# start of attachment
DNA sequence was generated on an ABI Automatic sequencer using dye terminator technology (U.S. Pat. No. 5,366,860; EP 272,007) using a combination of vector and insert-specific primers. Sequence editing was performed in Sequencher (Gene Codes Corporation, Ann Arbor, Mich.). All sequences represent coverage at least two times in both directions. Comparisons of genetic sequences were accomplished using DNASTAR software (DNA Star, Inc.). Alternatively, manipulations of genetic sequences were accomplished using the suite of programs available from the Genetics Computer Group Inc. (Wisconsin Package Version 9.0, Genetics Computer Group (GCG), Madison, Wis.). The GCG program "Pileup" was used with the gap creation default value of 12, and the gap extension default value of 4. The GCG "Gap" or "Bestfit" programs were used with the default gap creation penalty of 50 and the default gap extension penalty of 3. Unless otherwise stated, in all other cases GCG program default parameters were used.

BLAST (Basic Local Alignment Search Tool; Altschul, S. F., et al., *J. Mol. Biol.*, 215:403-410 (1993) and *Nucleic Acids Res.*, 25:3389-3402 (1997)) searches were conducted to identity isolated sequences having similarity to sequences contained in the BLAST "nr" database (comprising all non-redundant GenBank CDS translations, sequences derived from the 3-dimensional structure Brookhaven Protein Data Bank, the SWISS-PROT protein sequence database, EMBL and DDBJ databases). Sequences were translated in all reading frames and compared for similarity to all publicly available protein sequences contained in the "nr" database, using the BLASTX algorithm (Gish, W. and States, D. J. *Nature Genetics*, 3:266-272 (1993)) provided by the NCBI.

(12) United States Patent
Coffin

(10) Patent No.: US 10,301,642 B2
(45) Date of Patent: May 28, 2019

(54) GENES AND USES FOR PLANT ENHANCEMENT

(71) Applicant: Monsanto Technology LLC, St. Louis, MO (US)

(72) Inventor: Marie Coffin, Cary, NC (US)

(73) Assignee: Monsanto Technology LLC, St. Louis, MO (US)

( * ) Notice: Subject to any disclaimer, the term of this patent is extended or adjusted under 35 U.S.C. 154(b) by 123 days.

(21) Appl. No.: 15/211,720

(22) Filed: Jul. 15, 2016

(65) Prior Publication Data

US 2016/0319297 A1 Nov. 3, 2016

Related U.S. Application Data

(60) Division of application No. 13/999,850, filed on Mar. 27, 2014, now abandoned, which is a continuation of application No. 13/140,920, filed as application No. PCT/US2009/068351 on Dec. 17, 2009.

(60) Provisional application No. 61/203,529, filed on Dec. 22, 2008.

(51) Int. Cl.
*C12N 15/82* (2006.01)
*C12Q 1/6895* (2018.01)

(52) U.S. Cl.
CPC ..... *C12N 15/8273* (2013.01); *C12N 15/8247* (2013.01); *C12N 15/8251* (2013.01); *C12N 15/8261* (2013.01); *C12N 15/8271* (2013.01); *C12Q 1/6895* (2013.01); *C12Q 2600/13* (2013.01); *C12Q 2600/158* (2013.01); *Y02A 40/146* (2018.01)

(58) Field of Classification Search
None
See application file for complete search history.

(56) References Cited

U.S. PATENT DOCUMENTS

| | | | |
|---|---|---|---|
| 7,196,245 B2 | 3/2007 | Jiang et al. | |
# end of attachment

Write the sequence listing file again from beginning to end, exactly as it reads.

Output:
DNA sequence was generated on an ABI Automatic sequencer using dye terminator technology (U.S. Pat. No. 5,366,860; EP 272,007) using a combination of vector and insert-specific primers. Sequence editing was performed in Sequencher (Gene Codes Corporation, Ann Arbor, Mich.). All sequences represent coverage at least two times in both directions. Comparisons of genetic sequences were accomplished using DNASTAR software (DNA Star, Inc.). Alternatively, manipulations of genetic sequences were accomplished using the suite of programs available from the Genetics Computer Group Inc. (Wisconsin Package Version 9.0, Genetics Computer Group (GCG), Madison, Wis.). The GCG program "Pileup" was used with the gap creation default value of 12, and the gap extension default value of 4. The GCG "Gap" or "Bestfit" programs were used with the default gap creation penalty of 50 and the default gap extension penalty of 3. Unless otherwise stated, in all other cases GCG program default parameters were used.

BLAST (Basic Local Alignment Search Tool; Altschul, S. F., et al., *J. Mol. Biol.*, 215:403-410 (1993) and *Nucleic Acids Res.*, 25:3389-3402 (1997)) searches were conducted to identity isolated sequences having similarity to sequences contained in the BLAST "nr" database (comprising all non-redundant GenBank CDS translations, sequences derived from the 3-dimensional structure Brookhaven Protein Data Bank, the SWISS-PROT protein sequence database, EMBL and DDBJ databases). Sequences were translated in all reading frames and compared for similarity to all publicly available protein sequences contained in the "nr" database, using the BLASTX algorithm (Gish, W. and States, D. J. *Nature Genetics*, 3:266-272 (1993)) provided by the NCBI.

(12) United States Patent
Coffin

(10) Patent No.: US 10,301,642 B2
(45) Date of Patent: May 28, 2019

(54) GENES AND USES FOR PLANT ENHANCEMENT

(71) Applicant: Monsanto Technology LLC, St. Louis, MO (US)

(72) Inventor: Marie Coffin, Cary, NC (US)

(73) Assignee: Monsanto Technology LLC, St. Louis, MO (US)

( * ) Notice: Subject to any disclaimer, the term of this patent is extended or adjusted under 35 U.S.C. 154(b) by 123 days.

(21) Appl. No.: 15/211,720

(22) Filed: Jul. 15, 2016

(65) Prior Publication Data

US 2016/0319297 A1 Nov. 3, 2016

Related U.S. Application Data

(60) Division of application No. 13/999,850, filed on Mar. 27, 2014, now abandoned, which is a continuation of application No. 13/140,920, filed as application No. PCT/US2009/068351 on Dec. 17, 2009.

(60) Provisional application No. 61/203,529, filed on Dec. 22, 2008.

(51) Int. Cl.
*C12N 15/82* (2006.01)
*C12Q 1/6895* (2018.01)

(52) U.S. Cl.
CPC ..... *C12N 15/8273* (2013.01); *C12N 15/8247* (2013.01); *C12N 15/8251* (2013.01); *C12N 15/8261* (2013.01); *C12N 15/8271* (2013.01); *C12Q 1/6895* (2013.01); *C12Q 2600/13* (2013.01); *C12Q 2600/158* (2013.01); *Y02A 40/146* (2018.01)

(58) Field of Classification Search
None
See application file for complete search history.

(56) References Cited

U.S. PATENT DOCUMENTS

| | | | |
|---|---|---|---|
| 7,196,245 B2 | 3/2007 | Jiang et al. | |